Posted in Geeking Out, Learning Things

Birthday Toast Post – Shigeru Miyamoto

You may not know his name, but I’ll bet you your lunch money that you’ve encountered him at least once in your life.  Okay, well, maybe not him, but his creations.  In fact, you may have even played one of his games last night.  And to gamers – casual or hard-core – he may be the reason why they started gaming in the first place.

So, who is this guy?

Well, let’s see.  Ever heard of Mario Bros.?  Donkey Kong?  Zelda?  All creations of Shigeru Miyamoto.  Do you have a Wii system in your house?  Also a Miyamoto invention.  So yeah, this guy is pretty much the reason why video games still exist today.

And today also happens to be his 60th birthday!  And as we all know, the Japanese take the 60th birthday very seriously.*

*Okay, so not all of you may know that.  I only know because I married one.**

**Not a 60-year-old.  A Japanese person.  FYI.

Anyway, since it’s Miyamoto’s 60th birthday, I think he deserves a birthday toast post.  Super Mario Bros. was the first Nintendo game I ever played waaaaaaaay back in the day when Atari was pretty much obsolete and the NES system was the coolest thing ever.  I played the crap out of that game, changing the way I played it each time (do I warp right way?  Do I warp to level 8?  Should I just play every single level?)  My favorite worlds were the ones that involved trees in the air that you had to jump on to get across (3 and 6).  My least favorite were the ones that involved the spiky guys you could only kill with fire power (4 and above).  The castle levels made me so nervous that I would break out in a sweat (until I managed to jump on that spiky dragon guy three times at the end).

Super Mario Bros. 2 was kinda weird and nothing at all like its predecessor, and I never got even close to beating the entire game.  Of course the game was originally called something else – wasn’t even supposed to be a Mario game – but they slapped the Mario name on it at the last minute and it became a sequel.  In this one you could pick what character you wanted to be, and I always made sure I was Princess Peach because she could fly (re: hover) for about five seconds, which was helpful when jumping over large areas.  Too bad she was hella slow at everything else.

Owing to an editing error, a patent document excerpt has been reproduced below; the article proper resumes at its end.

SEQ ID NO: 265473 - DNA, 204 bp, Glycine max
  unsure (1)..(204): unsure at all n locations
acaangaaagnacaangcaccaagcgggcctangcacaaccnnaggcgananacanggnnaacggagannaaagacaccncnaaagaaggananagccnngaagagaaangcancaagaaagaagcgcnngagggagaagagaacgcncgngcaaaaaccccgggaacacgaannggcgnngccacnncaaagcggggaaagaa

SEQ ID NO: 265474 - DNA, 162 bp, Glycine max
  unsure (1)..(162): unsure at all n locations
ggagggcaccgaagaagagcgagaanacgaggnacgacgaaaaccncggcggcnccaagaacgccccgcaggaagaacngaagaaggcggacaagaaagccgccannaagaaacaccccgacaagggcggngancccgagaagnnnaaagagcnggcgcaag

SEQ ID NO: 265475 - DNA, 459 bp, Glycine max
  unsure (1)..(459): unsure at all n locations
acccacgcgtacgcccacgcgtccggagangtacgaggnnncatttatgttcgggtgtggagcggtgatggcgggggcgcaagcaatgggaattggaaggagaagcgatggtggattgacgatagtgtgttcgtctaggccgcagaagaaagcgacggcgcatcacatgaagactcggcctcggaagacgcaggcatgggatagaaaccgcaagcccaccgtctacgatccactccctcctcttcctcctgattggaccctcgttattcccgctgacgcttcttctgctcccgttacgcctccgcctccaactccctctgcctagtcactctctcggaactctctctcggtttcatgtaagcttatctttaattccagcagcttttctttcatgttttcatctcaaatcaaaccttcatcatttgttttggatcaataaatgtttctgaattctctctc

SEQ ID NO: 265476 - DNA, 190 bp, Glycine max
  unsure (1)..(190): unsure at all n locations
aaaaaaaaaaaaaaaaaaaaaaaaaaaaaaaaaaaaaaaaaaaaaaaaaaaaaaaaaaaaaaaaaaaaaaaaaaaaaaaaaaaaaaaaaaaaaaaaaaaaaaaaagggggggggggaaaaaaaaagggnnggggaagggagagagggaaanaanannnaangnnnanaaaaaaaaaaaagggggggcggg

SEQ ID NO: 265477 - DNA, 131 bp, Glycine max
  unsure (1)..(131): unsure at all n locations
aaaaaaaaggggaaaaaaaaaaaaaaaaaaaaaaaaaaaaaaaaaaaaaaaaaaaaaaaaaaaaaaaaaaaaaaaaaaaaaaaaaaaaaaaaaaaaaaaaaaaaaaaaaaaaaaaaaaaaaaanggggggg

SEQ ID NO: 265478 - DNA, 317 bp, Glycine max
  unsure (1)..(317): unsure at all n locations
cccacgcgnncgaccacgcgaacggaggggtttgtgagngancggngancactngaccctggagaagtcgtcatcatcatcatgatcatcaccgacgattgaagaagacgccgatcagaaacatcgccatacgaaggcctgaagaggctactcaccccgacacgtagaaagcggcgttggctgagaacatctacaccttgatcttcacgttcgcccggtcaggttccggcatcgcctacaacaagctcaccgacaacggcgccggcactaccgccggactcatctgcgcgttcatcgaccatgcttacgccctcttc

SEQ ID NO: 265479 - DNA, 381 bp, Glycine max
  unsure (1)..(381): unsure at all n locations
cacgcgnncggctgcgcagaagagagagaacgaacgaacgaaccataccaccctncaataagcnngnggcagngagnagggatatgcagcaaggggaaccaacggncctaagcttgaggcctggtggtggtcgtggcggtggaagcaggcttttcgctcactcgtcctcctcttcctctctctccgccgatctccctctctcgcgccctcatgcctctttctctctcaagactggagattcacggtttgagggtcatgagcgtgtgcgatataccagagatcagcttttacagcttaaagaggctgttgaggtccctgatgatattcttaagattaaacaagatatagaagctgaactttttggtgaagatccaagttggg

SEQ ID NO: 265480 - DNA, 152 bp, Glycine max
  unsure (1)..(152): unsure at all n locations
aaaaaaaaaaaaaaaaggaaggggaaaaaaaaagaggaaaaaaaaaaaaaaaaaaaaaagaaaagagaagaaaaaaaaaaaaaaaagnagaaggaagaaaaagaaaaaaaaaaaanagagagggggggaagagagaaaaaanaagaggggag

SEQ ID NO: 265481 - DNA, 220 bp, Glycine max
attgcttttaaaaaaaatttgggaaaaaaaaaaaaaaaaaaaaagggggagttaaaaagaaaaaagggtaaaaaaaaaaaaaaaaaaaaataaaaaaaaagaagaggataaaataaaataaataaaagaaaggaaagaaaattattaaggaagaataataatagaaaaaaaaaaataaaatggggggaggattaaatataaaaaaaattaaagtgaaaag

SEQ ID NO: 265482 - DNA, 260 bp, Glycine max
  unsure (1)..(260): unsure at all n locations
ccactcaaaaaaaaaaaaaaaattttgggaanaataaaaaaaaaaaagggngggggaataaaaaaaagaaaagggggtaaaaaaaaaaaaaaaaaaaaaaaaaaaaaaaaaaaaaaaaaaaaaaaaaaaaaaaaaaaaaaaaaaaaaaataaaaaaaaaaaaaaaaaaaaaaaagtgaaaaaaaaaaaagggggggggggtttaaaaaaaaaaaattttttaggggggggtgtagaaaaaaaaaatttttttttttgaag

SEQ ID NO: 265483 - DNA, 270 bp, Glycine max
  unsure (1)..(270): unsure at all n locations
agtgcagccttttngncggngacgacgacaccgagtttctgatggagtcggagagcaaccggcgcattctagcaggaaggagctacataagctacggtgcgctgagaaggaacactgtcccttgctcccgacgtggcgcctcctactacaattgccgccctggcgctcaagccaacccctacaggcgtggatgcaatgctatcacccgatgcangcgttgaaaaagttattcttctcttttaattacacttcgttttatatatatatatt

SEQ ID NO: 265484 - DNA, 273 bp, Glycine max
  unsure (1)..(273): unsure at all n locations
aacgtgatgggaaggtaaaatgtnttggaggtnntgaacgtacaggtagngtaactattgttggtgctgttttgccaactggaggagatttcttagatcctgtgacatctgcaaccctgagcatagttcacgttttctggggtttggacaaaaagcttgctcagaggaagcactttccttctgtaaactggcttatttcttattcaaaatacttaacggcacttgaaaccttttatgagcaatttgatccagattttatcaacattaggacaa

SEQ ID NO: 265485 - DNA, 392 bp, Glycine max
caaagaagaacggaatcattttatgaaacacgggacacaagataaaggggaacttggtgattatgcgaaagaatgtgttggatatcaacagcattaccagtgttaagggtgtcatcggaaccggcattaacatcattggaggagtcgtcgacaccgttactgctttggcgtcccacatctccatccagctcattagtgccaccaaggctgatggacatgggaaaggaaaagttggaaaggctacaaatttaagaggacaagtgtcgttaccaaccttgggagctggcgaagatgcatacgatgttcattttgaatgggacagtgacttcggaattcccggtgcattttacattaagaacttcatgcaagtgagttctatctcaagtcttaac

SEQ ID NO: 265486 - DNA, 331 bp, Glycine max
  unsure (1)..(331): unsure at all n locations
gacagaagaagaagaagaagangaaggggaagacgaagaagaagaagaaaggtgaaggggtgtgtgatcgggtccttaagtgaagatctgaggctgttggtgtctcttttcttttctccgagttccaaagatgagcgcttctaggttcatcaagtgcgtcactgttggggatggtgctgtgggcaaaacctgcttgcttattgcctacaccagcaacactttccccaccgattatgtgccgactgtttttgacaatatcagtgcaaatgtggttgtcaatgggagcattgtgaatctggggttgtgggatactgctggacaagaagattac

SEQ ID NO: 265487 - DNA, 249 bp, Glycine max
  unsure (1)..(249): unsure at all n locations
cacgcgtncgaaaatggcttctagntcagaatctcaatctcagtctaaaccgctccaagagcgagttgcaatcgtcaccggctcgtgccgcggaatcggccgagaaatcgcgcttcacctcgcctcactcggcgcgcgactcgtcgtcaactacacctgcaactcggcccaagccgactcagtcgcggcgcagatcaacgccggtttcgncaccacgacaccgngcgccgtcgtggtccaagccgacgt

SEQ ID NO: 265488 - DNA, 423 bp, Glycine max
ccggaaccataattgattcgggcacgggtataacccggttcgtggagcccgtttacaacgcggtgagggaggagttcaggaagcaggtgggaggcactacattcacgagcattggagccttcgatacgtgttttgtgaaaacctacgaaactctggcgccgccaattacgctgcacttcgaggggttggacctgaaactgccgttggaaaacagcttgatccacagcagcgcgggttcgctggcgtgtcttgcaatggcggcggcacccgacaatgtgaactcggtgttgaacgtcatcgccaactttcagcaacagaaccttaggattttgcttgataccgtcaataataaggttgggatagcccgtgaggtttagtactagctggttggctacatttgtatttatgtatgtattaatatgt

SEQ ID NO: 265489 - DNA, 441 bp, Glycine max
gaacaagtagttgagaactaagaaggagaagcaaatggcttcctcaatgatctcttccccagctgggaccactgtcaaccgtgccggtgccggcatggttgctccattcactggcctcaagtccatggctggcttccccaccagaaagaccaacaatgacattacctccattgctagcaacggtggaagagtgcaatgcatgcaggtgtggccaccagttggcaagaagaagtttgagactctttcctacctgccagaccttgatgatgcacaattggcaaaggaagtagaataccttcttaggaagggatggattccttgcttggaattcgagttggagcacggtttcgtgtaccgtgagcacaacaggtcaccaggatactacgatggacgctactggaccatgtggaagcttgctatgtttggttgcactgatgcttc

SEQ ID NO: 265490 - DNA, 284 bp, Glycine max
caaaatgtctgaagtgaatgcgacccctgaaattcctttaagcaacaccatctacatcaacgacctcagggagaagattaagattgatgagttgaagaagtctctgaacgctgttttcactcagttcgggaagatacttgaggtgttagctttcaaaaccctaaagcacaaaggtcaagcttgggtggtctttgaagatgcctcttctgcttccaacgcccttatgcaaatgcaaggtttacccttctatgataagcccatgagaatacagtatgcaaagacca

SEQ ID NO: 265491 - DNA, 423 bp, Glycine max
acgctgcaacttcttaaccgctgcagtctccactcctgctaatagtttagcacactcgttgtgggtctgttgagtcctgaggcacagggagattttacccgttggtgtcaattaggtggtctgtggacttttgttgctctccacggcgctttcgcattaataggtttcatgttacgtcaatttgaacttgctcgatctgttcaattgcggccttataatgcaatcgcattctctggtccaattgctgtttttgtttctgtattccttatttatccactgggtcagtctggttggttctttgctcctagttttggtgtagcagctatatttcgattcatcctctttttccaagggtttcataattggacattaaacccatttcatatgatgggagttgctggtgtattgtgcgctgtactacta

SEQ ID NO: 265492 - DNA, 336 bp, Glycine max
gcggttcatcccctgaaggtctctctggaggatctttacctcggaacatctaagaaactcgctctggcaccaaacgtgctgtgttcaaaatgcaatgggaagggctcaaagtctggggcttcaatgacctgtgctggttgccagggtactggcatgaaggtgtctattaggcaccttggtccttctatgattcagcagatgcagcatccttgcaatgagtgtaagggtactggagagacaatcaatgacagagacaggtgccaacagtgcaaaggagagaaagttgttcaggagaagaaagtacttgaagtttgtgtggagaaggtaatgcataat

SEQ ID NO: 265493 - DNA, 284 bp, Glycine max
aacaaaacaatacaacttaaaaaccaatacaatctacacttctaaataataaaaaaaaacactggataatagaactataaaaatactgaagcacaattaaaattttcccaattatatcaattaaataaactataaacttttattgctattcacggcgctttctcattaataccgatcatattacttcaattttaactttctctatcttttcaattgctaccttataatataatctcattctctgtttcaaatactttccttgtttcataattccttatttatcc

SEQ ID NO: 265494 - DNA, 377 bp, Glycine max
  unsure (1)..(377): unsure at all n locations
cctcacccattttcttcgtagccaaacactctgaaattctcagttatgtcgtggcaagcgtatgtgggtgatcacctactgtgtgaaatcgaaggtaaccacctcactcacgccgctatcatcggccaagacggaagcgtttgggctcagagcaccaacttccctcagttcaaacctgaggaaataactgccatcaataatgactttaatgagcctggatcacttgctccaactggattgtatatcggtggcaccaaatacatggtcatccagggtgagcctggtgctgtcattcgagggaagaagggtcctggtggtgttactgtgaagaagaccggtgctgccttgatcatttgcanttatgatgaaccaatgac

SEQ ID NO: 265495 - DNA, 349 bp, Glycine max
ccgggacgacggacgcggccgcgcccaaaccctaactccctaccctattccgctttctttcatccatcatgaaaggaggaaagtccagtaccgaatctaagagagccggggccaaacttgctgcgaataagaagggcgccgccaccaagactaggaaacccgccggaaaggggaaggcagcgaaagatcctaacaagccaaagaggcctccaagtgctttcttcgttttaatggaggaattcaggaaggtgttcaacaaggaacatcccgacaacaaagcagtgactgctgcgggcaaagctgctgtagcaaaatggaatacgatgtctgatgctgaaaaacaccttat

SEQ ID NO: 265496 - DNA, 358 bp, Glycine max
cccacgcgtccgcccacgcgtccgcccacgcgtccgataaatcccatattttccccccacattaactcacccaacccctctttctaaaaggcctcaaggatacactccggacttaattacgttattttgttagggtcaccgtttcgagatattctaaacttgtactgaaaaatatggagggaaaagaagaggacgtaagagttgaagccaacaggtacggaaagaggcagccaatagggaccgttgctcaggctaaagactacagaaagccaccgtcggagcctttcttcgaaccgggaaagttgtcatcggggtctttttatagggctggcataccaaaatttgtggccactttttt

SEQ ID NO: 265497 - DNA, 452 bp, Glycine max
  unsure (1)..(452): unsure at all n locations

When Super Mario Bros. 3 came out (after its 90-minute commercial via the movie The Wizard), it sort of changed everything…and also made me never wanted to play the first two versions again because this third one was all kinds of awesome.  The worlds were amazing (Giant Land!  Pipeland!  Iceland!), and Mario could do so many more things (like change into his Tanooki suit!), and there were games to play in between levels.  The flying ship you had to get through at the end of each world made me even more nervous than the ridiculous castles from the first Mario game that my hands would be shaking the whole time.

In addition to The Legend of Zelda being, well, kind of adorable, it was one of the first games to use nonlinear gameplay that included riddles and puzzles for the player to solve.  Honestly, I don’t remember much about Zelda except for how cute Link was – I was too busy trying to reach level 8 in the Mario games.  But it was extremely popular, spawning numerous sequels and gaining a more roleplaying-type feel to the game, which is probably why it continues to be popular.

In 2006, Miyamoto introduced the world to the Wii system, which made people get off their butts and move their bodies, which was another way Miyamoto revolutionized the game industry.  Suddenly your whole body was part of action, whether you’re playing the new Zelda games or challenging yourself to a game of bowling in Wii Sports.

I loved the Wii when it first came out (I still do – I just haven’t played it in a while).  My husband and I spent hours playing Wii Sports, whether it was bowling or tennis or golf, and we enjoyed watching each other figure out our “Wii age” by how fit you are (I was always older than him).  My husband even did yoga on the Wii for a long time, which goes to show you don’t have to sign up for a gym or classes.  The Wii made gaming a physical activity, working both your mind and your body.

Miyamoto has been criticized in the past that his “casual” games don’t keep up with the “hard-core” games, but he’s said that there shouldn’t be a difference.  Games are games, no matter how you categorize them.  People are always going to play them no matter what.  And Miyamoto is still putting out games, mostly now for the new Wii U, which will be released in the States THIS SUNDAY.  Wii U will the first hi-def gaming console, and will still be compatible with the original Wii.  It comes with a touchscreen and can be played on the TV or on the hand-held screen when the TV is off.

In other words, Miyamoto continues to spread his awesomeness everywhere.

So join me in raising a toast to the man of the day, who created a generation of thinkers and dreamers and strategists, and who still changes the way we play.

Happy birthday, Shigeru Miyamoto!



I have way too much information floating around in my head, which is why I write things down. I find that books, movies, music, and television are much more interesting than my local news.

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